# Tag Info

6

I basically agree with @John, let me expand: We want to model $y$ using a simple linear model, the most basic setup is $$y = c + \mathbf{X}\beta$$ with $y$ the $N$ observations, $c$ a constant, $\mathbf{X}$ the $N \times M$ matrix of regressors and $\beta$ a $M$-dimensional vector of coefficients. This model has $M$ parameters, the elements of $\beta$. ...

6

Let $R$ be a random vector of risky returns and let $r_f$ denote the risk free rate. Let vector of expected returns $\boldsymbol{\mu} = \operatorname{E}[R]$ and covariance matrix $\Sigma = \operatorname{Cov}(R)$. The maximum Sharpe ratio portfolio among risky assets is called the tangency portfolio. Quick method to tangency portfolio Let's find the ...

6

To complement @skoestimeier's answer on the shortselling-allowed case, I provide a vectorised version. Using the original notation in my post (you may change $r$ to something like $r-r_f$, but this doesn't affect the algebraic structure). Our goal is to find the maximiser for the problem $$\max_{w}f(w):=\frac{w^T r}{(w^T\Sigma w)^{1/2}}.$$ Let $$\phi: w\... 5 There are two cases, where short sales are allowed: With riskless lending and borrowing and without. As mentioned in the comments, you just have to solve a linear system. With riskless lending and borrowing The existence of a riskless lending and borrowing rate r_f implies that there is a single portfolio of risky assets, that is preferred to all other ... 4 We know that -1\le\rho_{imp}\le 1 so perhaps the simplest approach is to try the possible values \rho_{imp}=\{-1,-0.9,-0.8,\cdots,0.8,0.9,+1\}, to calculate resulting \sigma values, d± values, and M_{quote} values, then see which of these is closest to the observed market price. If desired you can then search a finer grid between two adjacent assumed ... 4 What you are talking about is called regression using fractional polynomials and it has its merits. The canonical reference is this one: Regression Using Fractional Polynomials of Continuous Covariates: Parsimonious Parametric Modelling by Royston and Altman (1994) From the abstract: The relationship between a response variable and one or more ... 3 The linear/non-linear classification is concerned about the dependent variables, and its derivatives. To verify whether the equation is linear, you should be checking that the equation is linear in each of these variables, and the coefficients of these are functions of the independent variables (t and x in your example). In your example, the dependent ... 3 Let \rho\triangleq\rho_{imp}. Note that:$$\frac{\partial \sigma}{\partial \rho}(\rho)=-\frac{\sigma_0\sigma_1}{\sigma(\rho)}<0$$Therefore \sigma is monotonic in implied correlation. In addition, the Margrabe pricing function M(\cdot) is also monotonic in volatility \sigma thus you can find an unique solution to the equation:$$\tag{1}M_{\text{...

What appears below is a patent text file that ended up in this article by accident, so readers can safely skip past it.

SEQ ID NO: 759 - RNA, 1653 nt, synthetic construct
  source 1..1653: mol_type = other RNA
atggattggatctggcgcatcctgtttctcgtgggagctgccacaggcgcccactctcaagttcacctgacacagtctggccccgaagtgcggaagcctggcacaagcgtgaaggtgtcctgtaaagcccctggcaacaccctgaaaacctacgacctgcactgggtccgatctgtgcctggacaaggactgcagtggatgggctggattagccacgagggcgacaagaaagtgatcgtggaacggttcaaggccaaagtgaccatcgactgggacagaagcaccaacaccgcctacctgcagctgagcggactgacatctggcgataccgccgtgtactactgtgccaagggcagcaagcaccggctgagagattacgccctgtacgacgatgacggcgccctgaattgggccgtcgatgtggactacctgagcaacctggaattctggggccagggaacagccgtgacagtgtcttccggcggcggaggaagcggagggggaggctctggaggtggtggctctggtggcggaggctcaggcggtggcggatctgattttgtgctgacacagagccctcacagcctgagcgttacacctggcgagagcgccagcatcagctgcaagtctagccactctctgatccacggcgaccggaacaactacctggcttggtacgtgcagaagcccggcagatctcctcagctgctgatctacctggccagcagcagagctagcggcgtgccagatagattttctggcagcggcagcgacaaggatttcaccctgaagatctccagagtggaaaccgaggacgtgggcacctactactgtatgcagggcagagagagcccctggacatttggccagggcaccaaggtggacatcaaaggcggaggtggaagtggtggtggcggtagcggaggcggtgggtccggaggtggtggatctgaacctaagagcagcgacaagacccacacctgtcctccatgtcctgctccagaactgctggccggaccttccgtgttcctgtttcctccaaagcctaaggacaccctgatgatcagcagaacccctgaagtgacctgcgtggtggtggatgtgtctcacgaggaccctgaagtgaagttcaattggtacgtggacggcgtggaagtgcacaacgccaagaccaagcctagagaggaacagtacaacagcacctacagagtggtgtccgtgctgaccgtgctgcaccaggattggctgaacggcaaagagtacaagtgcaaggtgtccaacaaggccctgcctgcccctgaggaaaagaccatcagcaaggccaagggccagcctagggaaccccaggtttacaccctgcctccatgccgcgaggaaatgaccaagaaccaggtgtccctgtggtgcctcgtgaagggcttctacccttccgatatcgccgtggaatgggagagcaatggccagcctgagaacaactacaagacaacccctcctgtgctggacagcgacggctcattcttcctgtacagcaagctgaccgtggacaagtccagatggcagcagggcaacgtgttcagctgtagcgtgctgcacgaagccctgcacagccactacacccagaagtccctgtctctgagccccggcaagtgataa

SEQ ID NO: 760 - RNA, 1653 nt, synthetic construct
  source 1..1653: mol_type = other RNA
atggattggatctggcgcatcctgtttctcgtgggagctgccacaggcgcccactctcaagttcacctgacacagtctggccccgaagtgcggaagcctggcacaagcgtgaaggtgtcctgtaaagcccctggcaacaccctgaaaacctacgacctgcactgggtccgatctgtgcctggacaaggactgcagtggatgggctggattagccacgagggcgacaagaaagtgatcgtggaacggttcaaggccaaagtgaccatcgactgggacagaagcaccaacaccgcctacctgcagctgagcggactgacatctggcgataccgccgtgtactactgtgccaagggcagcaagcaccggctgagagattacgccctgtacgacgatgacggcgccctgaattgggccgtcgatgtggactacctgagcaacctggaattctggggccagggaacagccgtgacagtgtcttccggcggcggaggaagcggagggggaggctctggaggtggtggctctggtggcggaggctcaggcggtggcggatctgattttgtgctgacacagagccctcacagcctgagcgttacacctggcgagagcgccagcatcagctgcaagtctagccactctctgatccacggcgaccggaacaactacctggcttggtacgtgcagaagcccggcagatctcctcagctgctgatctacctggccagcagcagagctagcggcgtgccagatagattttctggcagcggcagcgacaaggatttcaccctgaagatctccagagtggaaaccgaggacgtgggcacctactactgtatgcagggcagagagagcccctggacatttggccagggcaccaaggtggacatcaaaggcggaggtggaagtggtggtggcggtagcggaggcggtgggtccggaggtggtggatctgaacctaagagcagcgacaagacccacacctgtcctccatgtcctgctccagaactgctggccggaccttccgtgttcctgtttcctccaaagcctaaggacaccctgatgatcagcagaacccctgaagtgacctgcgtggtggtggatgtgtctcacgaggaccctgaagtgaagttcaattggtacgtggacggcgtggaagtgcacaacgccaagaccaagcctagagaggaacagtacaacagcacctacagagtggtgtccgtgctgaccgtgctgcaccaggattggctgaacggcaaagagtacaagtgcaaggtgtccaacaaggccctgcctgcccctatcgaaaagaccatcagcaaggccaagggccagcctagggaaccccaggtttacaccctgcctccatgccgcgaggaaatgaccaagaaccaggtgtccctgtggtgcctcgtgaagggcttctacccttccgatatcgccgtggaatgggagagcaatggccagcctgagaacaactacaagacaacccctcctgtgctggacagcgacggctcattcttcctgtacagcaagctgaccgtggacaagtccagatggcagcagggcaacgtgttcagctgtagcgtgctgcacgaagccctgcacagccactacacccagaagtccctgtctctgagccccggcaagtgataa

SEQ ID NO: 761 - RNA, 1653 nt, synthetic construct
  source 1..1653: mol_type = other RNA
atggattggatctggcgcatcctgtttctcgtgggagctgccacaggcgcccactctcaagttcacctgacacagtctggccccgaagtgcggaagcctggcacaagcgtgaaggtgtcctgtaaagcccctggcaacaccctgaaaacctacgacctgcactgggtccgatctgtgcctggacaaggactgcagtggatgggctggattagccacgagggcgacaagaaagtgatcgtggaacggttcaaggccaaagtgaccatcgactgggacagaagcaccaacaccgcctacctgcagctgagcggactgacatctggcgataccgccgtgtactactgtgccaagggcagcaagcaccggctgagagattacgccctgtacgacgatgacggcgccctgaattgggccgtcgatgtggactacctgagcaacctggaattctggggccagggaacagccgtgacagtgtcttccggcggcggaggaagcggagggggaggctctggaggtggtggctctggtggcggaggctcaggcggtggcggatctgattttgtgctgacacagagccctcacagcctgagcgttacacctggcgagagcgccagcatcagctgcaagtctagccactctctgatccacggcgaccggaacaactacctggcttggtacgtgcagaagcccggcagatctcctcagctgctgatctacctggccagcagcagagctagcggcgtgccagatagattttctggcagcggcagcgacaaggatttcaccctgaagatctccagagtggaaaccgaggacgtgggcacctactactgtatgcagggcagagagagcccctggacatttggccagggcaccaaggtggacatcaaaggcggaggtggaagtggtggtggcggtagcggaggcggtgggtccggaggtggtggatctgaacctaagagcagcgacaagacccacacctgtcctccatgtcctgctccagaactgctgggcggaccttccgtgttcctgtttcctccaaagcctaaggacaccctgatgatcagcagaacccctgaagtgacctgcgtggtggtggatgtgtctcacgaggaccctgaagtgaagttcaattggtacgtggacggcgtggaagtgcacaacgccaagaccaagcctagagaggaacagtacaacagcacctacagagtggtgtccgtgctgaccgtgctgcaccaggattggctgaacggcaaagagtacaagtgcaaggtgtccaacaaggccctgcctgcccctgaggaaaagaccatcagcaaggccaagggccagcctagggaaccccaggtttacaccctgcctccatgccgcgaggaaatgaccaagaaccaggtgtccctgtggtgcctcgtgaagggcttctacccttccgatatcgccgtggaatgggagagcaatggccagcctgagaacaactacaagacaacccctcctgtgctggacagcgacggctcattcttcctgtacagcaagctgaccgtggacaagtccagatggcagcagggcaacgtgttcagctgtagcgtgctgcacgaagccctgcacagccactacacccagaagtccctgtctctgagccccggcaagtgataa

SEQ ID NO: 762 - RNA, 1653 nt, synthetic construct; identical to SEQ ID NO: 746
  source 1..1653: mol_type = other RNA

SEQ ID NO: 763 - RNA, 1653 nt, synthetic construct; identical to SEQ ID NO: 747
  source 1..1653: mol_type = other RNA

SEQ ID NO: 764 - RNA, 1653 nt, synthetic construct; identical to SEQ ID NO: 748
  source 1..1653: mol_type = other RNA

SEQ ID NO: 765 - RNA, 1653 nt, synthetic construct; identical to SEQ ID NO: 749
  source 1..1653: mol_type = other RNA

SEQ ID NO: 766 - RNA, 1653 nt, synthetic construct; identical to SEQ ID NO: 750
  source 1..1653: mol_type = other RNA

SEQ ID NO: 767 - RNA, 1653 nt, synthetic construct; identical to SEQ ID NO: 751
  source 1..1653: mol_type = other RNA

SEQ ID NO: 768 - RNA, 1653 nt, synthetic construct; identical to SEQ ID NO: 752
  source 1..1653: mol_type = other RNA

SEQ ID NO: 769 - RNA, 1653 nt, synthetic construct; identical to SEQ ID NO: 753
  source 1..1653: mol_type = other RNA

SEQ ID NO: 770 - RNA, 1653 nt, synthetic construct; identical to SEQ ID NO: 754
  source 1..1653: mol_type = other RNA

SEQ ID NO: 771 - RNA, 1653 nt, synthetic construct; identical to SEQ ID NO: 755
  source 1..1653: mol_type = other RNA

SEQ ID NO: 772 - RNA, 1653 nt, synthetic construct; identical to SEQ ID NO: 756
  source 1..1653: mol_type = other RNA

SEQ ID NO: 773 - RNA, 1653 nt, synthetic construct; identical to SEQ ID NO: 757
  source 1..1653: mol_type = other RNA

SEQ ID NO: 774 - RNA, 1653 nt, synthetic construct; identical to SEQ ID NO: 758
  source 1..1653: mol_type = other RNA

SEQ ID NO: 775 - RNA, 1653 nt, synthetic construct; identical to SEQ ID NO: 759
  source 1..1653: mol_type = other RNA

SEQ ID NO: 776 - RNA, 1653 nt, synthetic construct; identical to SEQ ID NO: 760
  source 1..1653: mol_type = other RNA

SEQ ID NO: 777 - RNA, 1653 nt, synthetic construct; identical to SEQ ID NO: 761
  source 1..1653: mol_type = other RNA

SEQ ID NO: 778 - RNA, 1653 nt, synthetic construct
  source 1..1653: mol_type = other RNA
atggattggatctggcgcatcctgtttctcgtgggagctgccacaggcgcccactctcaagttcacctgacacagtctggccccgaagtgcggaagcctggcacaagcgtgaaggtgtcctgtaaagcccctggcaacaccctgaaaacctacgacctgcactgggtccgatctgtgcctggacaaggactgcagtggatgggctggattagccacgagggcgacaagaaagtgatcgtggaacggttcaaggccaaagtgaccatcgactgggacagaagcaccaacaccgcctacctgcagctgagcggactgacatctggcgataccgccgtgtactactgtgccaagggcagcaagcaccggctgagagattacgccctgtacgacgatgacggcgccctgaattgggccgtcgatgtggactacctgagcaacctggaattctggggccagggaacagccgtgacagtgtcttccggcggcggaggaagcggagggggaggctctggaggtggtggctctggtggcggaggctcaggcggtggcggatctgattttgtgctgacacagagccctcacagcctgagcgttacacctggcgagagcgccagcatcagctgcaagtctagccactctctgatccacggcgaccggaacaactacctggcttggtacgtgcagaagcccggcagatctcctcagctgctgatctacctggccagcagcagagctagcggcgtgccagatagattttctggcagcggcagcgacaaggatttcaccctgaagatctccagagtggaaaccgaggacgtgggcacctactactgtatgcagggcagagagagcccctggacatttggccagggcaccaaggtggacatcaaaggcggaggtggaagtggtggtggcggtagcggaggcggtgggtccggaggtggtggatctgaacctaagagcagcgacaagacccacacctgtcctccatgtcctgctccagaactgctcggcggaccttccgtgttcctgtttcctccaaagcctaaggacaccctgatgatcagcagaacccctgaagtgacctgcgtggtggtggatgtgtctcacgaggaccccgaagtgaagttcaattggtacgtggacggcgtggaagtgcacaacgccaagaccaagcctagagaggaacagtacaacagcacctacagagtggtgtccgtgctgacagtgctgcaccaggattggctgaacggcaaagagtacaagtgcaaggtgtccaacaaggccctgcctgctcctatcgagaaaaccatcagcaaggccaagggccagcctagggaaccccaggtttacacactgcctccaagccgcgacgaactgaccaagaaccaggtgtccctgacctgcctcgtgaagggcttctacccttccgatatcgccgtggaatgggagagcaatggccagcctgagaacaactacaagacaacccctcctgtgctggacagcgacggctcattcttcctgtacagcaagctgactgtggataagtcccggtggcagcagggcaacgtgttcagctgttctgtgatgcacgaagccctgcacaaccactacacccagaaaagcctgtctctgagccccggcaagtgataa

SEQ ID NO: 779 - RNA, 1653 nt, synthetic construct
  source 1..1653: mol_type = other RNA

3

Interesting idea. I'm guessing this isn't used for two reasons: First, the only algorithm I could find is $O(n^3)$, which is horrible if you're using a moderately-sized high-frequency dataset. Least squares is $O(nk^2)$ (n is the number of rows, and k is the number of predictors; typically $k<<n$). More relevantly, L1 regression is almost as ...

3

This book might be what you are looking for: Theory of Financial Risk and Derivative Pricing. From Statistical Physics to Risk Management by J.-P. Bouchaud and M. Potters As one reviewer from amazon wrote: Econophysics (the application of techniques developed in the physical sciences to economic, business and financial problems) has emerged as a ...

3

In full generality this is a very difficult question. The closest you will get to a general framework is Vapnik-Chervonenkis theory. You can read about this in Chapter 7.9 of "The elements of statistical learning" by Hastie, Tibshirani and Friedman which can be downloaded from their website . But be warned that this is a theoretical approach. Often more ...

3

The following is a good way to judge the quality of fits for a model. http://en.wikipedia.org/wiki/Akaike_information_criterion

2

Just brainstorming here, could you possibly approach risk of an option from a probabilistic perspective? Because the price of the option ($S - X$, where $S$ is lognormally distributed) is lognormally distributed with the same standard deviation as $S$ (aside from being truncated at 0 and having the probability go to infinity as $S$ decreases or $X$ ...

2

An approach to consider is: Computing the total return streams of all the instruments in the portfolio Calculate the risk parameters using 1 Weight appropriately (Equal risk contribution, min variance etc)

1

Try and think about linear and non-linear correlations in terms of joint probability density functions. What does it mean for two assets to be linearly or non-linearly correlated? Suppose we hypothesize a non-linear relationship between two (asset returns) variables as the following:  Y = \pm \sqrt{4 - X^2} + \epsilon , \quad \epsilon \sim \mathcal{N}(0, \...

1

I would argue as follows: In order to observe any type of resonant behaviour, the dynamics of the system you are looking at needs to be described by a second order differential equation. The equations of motions that come to mind in economics are clearly not: GBM: $dS=\mu S dt+\sigma S dZ$ OU: $dX=\theta(\mu - X)dt+\sigma dW$

1

As you suggest, in the case of non-stationary time series, the Hurst exponent is not suitable to measure the time seires persistence for the reasons you cited in the question. Particularly, when $H(q)$ is a non-linear function of q, as in the non-stationary time-series case, the time-series has to be analysed as it is a multi-fractal system (to deal this ...

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